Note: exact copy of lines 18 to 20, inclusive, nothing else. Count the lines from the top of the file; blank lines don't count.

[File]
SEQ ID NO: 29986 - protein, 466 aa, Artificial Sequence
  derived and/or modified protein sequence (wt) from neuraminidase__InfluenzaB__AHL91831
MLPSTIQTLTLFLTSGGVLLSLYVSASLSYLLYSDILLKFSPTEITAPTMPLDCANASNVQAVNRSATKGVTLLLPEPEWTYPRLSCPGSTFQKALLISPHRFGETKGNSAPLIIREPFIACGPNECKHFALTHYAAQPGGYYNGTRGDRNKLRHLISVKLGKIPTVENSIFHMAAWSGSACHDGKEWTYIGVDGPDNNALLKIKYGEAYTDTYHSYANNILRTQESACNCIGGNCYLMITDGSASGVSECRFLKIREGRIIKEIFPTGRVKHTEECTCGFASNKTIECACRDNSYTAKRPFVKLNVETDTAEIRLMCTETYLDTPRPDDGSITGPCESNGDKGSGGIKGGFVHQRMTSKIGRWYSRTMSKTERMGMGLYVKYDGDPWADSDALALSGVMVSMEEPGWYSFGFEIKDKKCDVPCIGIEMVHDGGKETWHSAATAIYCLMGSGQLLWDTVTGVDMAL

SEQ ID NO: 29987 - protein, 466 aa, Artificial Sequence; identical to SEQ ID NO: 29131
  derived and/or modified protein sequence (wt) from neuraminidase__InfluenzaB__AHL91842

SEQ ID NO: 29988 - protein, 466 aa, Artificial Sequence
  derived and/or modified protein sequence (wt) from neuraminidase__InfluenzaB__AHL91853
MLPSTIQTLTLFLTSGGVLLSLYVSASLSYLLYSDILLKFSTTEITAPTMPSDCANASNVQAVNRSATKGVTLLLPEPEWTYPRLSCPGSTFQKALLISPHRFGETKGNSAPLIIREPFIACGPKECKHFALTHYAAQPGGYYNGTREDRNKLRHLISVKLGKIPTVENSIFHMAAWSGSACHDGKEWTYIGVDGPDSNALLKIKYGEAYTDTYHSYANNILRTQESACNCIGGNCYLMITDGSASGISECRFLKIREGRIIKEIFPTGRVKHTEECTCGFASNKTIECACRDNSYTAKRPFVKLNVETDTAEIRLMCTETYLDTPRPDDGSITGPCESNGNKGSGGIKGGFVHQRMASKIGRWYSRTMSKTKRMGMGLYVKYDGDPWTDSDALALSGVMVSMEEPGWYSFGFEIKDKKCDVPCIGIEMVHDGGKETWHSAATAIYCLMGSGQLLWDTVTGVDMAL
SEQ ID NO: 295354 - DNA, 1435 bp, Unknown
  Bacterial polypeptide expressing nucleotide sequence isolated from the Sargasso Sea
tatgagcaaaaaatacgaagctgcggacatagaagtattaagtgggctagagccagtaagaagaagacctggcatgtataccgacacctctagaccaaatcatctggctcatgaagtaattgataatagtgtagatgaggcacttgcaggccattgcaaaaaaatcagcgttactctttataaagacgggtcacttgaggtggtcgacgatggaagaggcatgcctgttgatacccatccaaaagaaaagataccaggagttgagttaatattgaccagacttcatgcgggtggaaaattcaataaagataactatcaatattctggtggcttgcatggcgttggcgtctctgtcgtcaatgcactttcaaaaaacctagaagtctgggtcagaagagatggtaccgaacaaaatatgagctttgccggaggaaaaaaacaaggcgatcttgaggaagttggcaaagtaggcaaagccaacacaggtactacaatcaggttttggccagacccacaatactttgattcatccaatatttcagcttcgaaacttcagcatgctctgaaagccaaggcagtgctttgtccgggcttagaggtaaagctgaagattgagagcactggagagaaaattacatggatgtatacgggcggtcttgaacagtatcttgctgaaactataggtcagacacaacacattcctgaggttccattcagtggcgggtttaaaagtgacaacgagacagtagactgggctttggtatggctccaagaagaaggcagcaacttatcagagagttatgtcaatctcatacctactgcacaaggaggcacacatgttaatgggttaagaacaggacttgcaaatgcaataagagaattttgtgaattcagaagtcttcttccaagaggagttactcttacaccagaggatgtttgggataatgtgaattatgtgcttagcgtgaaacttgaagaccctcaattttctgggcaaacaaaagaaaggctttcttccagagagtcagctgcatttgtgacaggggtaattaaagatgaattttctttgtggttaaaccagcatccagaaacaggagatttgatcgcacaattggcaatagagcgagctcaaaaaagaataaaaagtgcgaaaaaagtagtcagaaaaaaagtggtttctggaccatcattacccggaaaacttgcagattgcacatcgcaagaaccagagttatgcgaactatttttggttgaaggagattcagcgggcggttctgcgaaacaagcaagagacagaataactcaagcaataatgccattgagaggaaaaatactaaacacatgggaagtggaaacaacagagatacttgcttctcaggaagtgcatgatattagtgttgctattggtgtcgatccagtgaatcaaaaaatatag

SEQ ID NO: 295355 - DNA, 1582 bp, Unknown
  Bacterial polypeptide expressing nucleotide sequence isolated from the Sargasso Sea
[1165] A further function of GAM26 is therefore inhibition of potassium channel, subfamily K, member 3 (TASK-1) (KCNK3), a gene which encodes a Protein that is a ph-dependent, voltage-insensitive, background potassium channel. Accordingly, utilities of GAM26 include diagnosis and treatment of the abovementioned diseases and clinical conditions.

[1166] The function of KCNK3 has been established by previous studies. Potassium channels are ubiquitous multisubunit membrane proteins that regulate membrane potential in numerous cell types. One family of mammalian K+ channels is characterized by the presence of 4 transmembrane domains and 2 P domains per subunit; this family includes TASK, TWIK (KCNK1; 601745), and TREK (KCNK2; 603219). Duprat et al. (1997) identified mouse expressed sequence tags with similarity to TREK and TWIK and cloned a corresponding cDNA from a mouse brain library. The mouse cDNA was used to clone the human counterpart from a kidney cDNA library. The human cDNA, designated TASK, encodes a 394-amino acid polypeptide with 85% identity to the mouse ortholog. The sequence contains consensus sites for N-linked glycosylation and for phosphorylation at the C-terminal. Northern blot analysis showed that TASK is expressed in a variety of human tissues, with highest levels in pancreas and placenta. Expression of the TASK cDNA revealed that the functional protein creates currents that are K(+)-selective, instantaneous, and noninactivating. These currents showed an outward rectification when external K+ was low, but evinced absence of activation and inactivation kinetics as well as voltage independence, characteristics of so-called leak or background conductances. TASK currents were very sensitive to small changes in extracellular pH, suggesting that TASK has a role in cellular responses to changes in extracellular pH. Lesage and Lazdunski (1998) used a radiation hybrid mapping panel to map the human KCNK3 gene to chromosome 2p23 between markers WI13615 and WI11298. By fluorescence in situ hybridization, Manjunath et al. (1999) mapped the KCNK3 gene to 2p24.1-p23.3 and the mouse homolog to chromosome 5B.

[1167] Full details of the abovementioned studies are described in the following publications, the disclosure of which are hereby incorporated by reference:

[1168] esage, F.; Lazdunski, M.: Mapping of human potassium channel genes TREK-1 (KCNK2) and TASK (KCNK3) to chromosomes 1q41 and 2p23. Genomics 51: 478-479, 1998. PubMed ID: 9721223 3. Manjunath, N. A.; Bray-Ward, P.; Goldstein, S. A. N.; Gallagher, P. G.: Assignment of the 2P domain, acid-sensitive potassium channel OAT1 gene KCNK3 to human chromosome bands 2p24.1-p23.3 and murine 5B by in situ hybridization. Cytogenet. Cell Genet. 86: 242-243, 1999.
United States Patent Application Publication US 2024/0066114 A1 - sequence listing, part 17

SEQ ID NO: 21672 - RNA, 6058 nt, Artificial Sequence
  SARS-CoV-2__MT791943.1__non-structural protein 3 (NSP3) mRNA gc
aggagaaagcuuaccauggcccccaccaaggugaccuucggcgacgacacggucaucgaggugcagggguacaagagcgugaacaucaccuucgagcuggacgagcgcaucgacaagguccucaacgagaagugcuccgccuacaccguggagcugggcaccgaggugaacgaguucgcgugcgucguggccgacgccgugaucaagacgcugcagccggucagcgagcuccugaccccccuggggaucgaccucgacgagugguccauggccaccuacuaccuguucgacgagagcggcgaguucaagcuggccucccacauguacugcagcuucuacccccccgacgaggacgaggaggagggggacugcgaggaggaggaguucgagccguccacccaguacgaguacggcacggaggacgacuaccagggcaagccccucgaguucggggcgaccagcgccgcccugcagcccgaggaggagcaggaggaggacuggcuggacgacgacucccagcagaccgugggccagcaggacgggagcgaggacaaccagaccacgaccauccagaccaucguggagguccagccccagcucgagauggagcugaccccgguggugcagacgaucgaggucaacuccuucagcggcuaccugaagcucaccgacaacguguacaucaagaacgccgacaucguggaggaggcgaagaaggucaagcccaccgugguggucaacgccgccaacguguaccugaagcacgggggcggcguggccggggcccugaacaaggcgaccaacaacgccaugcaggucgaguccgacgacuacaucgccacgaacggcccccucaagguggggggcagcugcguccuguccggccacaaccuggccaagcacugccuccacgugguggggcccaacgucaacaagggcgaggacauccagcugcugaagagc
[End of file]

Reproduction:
United States Patent Application Publication US 2024/0066114 A1 - sequence listing, part 17

SEQ ID NO: 21672 - RNA, 6058 nt, Artificial Sequence
  SARS-CoV-2__MT791943.1__non-structural protein 3 (NSP3) mRNA gc